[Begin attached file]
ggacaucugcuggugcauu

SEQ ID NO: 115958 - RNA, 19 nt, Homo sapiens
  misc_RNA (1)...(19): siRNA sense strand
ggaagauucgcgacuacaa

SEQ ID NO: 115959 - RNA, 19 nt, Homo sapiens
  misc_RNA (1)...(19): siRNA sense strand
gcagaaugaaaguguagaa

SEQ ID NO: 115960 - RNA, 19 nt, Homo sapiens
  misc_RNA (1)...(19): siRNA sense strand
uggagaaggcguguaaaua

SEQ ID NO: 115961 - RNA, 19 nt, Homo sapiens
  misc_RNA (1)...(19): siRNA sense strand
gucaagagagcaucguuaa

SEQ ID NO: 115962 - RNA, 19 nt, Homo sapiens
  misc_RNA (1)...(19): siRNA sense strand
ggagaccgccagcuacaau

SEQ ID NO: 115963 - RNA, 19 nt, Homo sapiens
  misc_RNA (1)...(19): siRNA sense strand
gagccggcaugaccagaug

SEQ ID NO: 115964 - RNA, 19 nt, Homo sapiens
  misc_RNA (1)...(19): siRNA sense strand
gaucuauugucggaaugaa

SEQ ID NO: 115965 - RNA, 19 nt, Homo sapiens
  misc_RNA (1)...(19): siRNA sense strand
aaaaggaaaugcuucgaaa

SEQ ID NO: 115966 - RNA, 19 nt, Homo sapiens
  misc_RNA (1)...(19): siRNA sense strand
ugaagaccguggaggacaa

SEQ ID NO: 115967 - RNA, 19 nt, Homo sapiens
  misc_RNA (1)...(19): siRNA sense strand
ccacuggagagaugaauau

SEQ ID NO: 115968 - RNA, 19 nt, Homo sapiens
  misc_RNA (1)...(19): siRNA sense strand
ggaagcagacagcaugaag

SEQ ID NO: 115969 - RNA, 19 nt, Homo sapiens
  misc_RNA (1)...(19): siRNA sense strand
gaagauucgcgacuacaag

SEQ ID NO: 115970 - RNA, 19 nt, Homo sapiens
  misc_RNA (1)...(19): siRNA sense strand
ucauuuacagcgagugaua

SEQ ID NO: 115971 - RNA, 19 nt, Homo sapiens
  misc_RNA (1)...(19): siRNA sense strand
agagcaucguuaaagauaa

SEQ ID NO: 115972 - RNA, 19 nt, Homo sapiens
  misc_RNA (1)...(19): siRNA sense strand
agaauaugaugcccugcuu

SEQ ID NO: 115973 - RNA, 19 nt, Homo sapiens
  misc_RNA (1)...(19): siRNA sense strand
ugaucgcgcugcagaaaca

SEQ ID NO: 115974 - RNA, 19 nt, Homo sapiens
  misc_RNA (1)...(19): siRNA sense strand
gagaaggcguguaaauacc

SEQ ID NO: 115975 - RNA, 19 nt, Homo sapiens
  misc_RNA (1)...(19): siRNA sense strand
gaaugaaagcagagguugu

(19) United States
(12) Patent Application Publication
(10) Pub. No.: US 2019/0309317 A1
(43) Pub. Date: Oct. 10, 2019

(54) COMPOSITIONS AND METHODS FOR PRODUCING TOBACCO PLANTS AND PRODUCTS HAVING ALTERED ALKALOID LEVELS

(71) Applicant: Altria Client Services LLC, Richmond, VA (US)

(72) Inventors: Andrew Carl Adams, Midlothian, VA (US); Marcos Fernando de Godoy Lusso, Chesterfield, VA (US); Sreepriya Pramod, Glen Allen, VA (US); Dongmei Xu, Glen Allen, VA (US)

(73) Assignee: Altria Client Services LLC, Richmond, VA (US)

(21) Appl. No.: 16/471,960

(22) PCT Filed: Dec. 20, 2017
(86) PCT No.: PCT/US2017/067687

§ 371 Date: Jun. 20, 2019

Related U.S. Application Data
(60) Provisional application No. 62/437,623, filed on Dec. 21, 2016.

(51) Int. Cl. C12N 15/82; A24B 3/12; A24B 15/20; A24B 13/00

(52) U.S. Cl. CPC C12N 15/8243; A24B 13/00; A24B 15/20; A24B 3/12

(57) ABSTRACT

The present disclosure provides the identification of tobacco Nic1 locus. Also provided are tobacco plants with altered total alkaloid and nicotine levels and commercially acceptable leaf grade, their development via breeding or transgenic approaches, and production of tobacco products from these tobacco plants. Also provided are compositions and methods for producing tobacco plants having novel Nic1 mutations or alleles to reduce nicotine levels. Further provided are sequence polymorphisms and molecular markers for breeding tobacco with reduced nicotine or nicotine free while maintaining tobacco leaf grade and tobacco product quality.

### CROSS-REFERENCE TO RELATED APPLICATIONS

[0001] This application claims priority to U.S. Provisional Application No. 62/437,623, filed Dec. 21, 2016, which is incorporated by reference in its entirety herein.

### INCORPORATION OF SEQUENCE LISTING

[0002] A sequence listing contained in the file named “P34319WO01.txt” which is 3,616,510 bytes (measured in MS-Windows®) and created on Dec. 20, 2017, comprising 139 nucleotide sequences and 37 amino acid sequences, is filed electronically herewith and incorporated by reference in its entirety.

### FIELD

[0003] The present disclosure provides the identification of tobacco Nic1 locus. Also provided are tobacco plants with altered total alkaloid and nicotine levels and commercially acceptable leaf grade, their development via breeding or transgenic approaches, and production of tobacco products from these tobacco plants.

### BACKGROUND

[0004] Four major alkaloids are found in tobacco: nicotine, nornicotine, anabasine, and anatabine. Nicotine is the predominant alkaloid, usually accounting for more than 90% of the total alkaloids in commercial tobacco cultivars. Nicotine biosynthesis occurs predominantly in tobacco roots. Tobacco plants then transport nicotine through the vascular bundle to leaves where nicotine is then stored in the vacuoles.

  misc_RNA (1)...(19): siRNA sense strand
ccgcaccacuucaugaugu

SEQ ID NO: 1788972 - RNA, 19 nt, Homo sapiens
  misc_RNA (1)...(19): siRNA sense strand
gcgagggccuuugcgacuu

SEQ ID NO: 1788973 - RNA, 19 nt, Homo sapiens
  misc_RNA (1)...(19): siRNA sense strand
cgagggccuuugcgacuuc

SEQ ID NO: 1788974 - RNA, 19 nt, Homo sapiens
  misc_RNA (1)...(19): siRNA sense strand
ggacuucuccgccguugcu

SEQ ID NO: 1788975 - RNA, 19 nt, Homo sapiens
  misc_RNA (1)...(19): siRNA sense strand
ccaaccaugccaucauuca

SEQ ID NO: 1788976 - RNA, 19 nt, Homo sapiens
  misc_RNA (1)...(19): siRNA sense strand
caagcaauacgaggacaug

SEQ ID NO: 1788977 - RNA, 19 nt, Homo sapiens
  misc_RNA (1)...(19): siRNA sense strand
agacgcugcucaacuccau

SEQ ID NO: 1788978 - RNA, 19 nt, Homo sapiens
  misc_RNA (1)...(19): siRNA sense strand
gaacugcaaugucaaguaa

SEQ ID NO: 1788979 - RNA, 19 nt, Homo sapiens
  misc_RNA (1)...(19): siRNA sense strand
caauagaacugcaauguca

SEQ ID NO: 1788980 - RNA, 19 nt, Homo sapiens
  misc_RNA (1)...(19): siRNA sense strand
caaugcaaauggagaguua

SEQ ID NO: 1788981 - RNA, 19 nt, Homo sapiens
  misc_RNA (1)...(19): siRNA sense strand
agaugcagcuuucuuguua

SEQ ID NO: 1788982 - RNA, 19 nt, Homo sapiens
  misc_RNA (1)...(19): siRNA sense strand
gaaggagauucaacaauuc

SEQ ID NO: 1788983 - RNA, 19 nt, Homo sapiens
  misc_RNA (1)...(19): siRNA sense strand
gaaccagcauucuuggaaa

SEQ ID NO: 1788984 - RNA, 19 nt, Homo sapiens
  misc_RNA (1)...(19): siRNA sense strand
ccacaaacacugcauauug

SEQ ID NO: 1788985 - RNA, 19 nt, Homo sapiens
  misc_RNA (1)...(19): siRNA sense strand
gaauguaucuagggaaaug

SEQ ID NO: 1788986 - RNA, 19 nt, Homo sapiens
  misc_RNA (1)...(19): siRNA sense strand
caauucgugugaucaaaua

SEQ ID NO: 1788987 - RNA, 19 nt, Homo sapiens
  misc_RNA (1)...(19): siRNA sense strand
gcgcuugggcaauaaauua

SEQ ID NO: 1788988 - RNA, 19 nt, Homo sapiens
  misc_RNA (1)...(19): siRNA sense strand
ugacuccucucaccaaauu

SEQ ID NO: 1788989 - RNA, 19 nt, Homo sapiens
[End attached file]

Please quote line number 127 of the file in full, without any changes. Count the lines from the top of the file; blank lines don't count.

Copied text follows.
  misc_RNA (1)...(19): siRNA sense strand